"Since the accident at our Dan River site, we've worked hard to strengthen our operations and to make things right - fixing the leak, cleaning the river and making sure the water quality remains safe," said Lynn Good, Duke Energy 's Chief Executive Officer. "We have a long history of protecting the environment and doing the right thing for the customers and communities we serve. Our ongoing work and support of the Water Resources Fund are demonstrations of our commitment."
Approximately $500,000 will be used to address water quality, encourage new development, improve cleanliness, increase access and promote the Dan River Basin Region.
"This park served as a home-base for some of our coal ash cleanup efforts along the Dan River, and this investment makes good on our promise to the citizens of Danville to leave the park in better shape than before our work began," said Paul Newton, Duke Energy State President - North Carolina.
Other projects include:
- $15, 000 for graduate-level courses at Clemson University for K-12 that explore interrelationships of energy production, water and the environment;
- $50,000 for conservation projects along Waxhaw Creek in Mecklenburg County, North Carolina;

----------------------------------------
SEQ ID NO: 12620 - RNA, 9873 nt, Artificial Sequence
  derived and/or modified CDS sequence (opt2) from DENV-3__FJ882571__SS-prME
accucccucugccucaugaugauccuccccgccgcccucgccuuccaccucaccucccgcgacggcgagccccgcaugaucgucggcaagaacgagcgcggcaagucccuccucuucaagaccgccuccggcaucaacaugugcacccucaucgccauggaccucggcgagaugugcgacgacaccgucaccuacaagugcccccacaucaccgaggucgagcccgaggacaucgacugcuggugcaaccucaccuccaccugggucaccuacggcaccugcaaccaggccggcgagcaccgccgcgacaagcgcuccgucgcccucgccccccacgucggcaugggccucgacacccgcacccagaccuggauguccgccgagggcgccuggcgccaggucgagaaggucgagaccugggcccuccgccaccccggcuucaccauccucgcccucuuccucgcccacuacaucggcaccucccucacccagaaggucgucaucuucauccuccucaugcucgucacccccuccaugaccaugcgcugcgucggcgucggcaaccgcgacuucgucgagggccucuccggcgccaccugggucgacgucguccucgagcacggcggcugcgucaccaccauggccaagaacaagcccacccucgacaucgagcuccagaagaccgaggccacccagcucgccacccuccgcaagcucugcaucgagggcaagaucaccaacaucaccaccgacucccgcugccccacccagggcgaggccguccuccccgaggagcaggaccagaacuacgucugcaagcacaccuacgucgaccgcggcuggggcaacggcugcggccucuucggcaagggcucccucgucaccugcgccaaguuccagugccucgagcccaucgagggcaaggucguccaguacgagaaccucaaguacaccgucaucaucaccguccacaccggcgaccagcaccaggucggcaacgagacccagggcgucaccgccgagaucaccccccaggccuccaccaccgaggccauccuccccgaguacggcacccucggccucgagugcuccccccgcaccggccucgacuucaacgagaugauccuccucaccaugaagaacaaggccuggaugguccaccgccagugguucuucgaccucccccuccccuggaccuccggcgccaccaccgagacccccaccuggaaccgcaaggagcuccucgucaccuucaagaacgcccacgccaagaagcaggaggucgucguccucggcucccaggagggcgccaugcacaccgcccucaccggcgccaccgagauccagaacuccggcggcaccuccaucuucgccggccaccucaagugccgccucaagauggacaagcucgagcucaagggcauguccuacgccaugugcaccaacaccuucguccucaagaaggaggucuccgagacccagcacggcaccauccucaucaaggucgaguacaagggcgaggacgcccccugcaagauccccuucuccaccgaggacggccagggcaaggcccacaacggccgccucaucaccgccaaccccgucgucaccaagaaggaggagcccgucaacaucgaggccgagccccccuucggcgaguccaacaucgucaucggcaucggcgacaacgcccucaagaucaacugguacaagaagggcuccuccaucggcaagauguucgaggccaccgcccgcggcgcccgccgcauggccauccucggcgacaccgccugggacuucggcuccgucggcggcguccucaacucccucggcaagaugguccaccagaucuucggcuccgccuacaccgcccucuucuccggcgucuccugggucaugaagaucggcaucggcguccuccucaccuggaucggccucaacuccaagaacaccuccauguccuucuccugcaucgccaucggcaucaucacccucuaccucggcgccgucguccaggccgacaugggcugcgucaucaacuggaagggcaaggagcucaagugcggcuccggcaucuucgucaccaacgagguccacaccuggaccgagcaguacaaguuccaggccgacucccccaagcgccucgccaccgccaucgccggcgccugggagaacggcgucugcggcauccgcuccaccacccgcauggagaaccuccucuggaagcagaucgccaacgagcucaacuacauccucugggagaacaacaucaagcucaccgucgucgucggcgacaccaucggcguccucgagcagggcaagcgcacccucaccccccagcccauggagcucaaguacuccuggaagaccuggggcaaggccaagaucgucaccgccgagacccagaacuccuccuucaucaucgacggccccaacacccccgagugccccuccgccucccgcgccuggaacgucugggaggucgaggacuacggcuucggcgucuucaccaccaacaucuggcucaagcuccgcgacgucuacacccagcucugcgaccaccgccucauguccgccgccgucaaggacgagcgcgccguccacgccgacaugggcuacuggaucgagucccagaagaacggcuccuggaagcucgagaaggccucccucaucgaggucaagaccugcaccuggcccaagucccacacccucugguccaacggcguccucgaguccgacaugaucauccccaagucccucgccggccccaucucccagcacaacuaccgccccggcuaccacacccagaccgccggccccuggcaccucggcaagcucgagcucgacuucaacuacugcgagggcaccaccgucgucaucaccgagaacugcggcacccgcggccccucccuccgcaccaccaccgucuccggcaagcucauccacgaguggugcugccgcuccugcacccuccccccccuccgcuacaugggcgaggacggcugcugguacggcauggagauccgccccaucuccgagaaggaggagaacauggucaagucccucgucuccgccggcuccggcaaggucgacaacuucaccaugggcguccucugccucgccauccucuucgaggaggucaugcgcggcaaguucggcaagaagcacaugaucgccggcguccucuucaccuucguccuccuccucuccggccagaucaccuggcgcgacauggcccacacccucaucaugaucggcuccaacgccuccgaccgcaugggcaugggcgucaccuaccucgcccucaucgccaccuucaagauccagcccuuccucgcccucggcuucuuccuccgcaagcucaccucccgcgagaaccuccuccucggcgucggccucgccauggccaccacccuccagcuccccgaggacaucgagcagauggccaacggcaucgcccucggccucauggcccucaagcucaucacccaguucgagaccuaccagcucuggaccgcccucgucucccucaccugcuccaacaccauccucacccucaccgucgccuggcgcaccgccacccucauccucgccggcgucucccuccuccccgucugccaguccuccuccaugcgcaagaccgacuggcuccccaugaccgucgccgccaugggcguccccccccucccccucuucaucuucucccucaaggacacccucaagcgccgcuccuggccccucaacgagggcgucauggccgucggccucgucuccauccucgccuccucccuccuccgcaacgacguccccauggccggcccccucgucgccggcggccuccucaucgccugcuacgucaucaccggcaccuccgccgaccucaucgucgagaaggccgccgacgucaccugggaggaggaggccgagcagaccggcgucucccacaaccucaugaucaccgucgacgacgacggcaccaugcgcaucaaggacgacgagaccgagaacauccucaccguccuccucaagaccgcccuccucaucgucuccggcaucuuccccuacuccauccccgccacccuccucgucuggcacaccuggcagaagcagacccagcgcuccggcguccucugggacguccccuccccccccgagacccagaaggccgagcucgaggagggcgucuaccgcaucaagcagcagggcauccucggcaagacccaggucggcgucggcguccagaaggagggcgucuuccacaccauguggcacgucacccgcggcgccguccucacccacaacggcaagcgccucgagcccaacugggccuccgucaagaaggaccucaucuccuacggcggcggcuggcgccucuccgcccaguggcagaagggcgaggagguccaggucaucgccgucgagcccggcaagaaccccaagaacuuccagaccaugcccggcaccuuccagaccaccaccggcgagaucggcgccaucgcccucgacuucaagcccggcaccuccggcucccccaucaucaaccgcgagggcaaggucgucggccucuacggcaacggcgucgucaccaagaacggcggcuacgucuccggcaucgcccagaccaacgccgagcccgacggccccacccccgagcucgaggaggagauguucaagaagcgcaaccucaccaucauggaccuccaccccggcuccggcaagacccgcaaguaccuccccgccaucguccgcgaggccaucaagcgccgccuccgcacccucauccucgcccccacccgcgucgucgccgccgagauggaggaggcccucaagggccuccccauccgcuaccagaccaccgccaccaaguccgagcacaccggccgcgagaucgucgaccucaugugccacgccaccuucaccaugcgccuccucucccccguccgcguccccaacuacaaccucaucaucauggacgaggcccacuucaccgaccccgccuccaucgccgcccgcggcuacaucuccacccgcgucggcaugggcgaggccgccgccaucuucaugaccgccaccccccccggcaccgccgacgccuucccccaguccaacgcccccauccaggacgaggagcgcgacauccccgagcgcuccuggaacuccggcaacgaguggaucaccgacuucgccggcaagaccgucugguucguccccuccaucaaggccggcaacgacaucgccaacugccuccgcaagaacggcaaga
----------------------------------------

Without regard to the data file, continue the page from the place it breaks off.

- $45,000 to install environmental kiosks at the City of Asheville, North Carolina;
- $60,000 for two projects that will transform 450 acres into nature preserves along Onslow County, North Carolina;
- $75,000 to provide middle school students with science, technology, engineering and math (STEM) learning opportunities through one of UNCW's Watson College of Education's outreach programs;
Funding decisions will be made by the Water Resources Fund committee that represents Duke Energy and external environmental experts including: Dr. Jeff Allen, director, S.C. Water Resources Center; Cari Boyce, vice president, Environmental and Energy Policy, Duke Energy; Barry Gullet, director, Charlotte-Mecklenburg Utilities; Steve Jester, vice president, Water Strategy, Hydro Licensing and Lake Services, Duke Energy; Dr. Elizabeth Johns, owner, BunRab Enterprises; Dr. Ken Reckhow, professor emeritus, Nicholas School of the Environment, Duke University; and Dr. Ann M. Stoeckmann, professor and department chair, Biology, Francis Marion University
The five eligible states are North Carolina, South Carolina, Virginia, Georgia and Tennessee.